Data_Sheet_1_Advances on the Visualization of the Internal Structures of the European Mistletoe: 3D Reconstruction Using Microtomography.PDF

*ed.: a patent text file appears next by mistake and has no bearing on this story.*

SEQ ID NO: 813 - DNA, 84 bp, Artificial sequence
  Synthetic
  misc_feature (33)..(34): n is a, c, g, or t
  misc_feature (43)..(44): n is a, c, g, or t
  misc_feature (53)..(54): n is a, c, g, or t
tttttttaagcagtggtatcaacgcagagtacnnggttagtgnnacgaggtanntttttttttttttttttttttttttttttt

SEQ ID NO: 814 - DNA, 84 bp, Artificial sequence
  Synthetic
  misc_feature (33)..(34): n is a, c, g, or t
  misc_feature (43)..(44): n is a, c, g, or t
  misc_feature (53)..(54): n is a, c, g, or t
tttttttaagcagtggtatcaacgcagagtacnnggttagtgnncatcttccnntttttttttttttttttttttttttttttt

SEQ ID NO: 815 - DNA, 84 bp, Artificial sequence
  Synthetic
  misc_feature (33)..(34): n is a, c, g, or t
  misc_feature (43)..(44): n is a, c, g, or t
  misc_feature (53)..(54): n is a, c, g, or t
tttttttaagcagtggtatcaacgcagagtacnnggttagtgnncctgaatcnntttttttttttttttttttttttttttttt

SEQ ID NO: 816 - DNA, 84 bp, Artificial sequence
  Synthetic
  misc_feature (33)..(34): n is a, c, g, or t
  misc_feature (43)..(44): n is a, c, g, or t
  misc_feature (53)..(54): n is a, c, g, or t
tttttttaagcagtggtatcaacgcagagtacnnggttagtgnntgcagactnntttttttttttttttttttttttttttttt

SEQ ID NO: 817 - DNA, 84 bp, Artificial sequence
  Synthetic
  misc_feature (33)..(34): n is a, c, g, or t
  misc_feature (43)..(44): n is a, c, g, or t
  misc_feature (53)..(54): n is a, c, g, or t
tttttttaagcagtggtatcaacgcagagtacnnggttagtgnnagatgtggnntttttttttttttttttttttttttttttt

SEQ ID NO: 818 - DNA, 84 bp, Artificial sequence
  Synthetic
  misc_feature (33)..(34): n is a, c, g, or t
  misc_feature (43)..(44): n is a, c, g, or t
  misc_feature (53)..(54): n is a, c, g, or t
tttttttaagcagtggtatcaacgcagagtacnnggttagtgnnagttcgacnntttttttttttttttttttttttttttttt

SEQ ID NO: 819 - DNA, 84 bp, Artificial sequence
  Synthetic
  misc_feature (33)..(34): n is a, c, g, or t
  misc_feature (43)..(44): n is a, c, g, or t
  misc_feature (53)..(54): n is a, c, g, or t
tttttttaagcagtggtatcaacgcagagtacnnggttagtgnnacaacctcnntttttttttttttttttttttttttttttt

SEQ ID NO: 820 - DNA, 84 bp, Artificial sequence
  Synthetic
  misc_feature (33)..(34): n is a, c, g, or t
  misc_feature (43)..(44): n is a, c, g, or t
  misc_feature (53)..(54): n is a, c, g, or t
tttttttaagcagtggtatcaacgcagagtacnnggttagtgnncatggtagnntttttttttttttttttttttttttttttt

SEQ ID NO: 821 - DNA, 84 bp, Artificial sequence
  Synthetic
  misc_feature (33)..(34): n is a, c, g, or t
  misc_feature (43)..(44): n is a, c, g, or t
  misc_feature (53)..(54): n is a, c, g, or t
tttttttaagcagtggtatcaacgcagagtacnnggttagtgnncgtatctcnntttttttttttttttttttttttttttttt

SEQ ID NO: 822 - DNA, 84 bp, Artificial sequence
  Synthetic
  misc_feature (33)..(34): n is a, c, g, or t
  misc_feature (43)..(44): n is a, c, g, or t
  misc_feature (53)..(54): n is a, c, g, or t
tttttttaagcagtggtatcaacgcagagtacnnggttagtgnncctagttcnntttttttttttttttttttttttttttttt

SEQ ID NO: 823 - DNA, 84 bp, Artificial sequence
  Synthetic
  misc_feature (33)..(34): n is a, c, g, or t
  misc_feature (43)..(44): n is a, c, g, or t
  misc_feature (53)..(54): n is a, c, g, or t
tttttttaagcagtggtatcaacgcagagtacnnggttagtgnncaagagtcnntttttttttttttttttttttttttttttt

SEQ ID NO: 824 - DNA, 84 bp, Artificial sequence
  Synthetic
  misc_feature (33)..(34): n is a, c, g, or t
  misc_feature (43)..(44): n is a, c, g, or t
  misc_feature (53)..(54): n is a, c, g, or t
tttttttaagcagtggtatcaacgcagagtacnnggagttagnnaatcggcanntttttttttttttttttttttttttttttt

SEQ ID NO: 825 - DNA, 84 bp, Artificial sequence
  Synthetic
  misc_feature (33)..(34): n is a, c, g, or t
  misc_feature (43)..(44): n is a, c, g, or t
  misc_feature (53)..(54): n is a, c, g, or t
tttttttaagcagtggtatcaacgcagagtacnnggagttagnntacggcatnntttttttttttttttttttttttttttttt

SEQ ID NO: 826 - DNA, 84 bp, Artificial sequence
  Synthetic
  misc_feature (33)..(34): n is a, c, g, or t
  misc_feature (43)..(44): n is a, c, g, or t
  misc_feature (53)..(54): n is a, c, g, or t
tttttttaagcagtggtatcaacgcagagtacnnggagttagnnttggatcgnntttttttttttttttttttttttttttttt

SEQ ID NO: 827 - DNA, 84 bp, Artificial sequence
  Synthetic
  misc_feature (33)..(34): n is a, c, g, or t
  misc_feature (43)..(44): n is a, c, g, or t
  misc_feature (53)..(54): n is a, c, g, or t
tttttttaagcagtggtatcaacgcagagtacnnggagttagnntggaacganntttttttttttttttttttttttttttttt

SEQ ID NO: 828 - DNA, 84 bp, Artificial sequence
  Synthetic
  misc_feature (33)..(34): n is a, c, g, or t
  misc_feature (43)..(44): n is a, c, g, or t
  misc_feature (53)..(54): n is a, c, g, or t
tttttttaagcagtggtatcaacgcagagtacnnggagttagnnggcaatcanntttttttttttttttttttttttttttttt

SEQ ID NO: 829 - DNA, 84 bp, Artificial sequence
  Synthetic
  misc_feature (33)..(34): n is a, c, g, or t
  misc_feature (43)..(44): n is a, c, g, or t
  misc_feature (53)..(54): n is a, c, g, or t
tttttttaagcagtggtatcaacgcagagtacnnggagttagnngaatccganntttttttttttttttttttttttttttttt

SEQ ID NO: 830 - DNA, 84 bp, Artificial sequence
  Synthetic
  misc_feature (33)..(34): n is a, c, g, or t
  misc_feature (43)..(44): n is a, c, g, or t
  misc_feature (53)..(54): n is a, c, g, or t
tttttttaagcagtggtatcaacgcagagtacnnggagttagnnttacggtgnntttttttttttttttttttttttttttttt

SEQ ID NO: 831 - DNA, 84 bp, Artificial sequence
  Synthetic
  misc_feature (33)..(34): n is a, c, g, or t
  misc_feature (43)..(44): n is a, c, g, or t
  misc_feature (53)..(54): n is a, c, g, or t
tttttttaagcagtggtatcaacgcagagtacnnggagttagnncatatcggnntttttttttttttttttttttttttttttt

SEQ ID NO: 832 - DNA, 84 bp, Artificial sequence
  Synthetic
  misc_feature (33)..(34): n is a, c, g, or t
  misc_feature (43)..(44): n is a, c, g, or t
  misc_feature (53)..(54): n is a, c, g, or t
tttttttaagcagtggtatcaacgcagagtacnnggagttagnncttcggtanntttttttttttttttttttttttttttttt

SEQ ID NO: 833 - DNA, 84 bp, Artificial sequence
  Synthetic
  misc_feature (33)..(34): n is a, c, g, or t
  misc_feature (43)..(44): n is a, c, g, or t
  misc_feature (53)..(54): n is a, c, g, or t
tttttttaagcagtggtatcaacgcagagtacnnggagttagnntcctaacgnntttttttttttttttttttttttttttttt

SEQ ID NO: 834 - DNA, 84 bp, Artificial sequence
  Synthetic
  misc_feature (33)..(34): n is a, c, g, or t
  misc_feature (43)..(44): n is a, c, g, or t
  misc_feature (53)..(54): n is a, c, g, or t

The European mistletoe (Viscum album) is a dioecious epiphytic evergreen hemiparasite that develops an extensive endophyte enabling the absorption of water and mineral salts from the host tree, whereas the exophytic leaves are photosynthetically active. The attachment mode and host penetration are well studied, but little information is available about the effects of mistletoe age and sex on haustorium-host interactions. We harvested 130 plants of Viscum album ssp. album growing on host branches of Aesculus flava for morphological and anatomical investigations. Morphometric analyses of the mistletoe and the (hypertrophied) host interaction site were correlated with mistletoe age and sex. We recorded the morphology of the endophytic systems of various ages by using X-ray microtomography scans and corresponding stereomicroscopic images. For detailed anatomical studies, we examined thin stained sections of the mistletoe-host interface by light microscopy. The diameter and length of the branch hypertrophy showed a positive linear correlation with the age of the mistletoe. Correlations with their sex were only found for ratios between host branch and hypertrophy size. A female bias of about 76% was found. In a 4-year-old mistletoe, several small, almost equally sized sinkers and the connected cortical strands extend over more than 5 cm within the host branch. In older mistletoes, one main sinker was predominant and occupied an increasingly large proportion of the stem cross-section. Bands of vessels ran along the axis of the wedge-shaped haustoria and sinkers and bent sideways toward the mistletoe-host interface. At the interface, the vascular elements of the host wood changed their direction and formed vortices near the haustorium.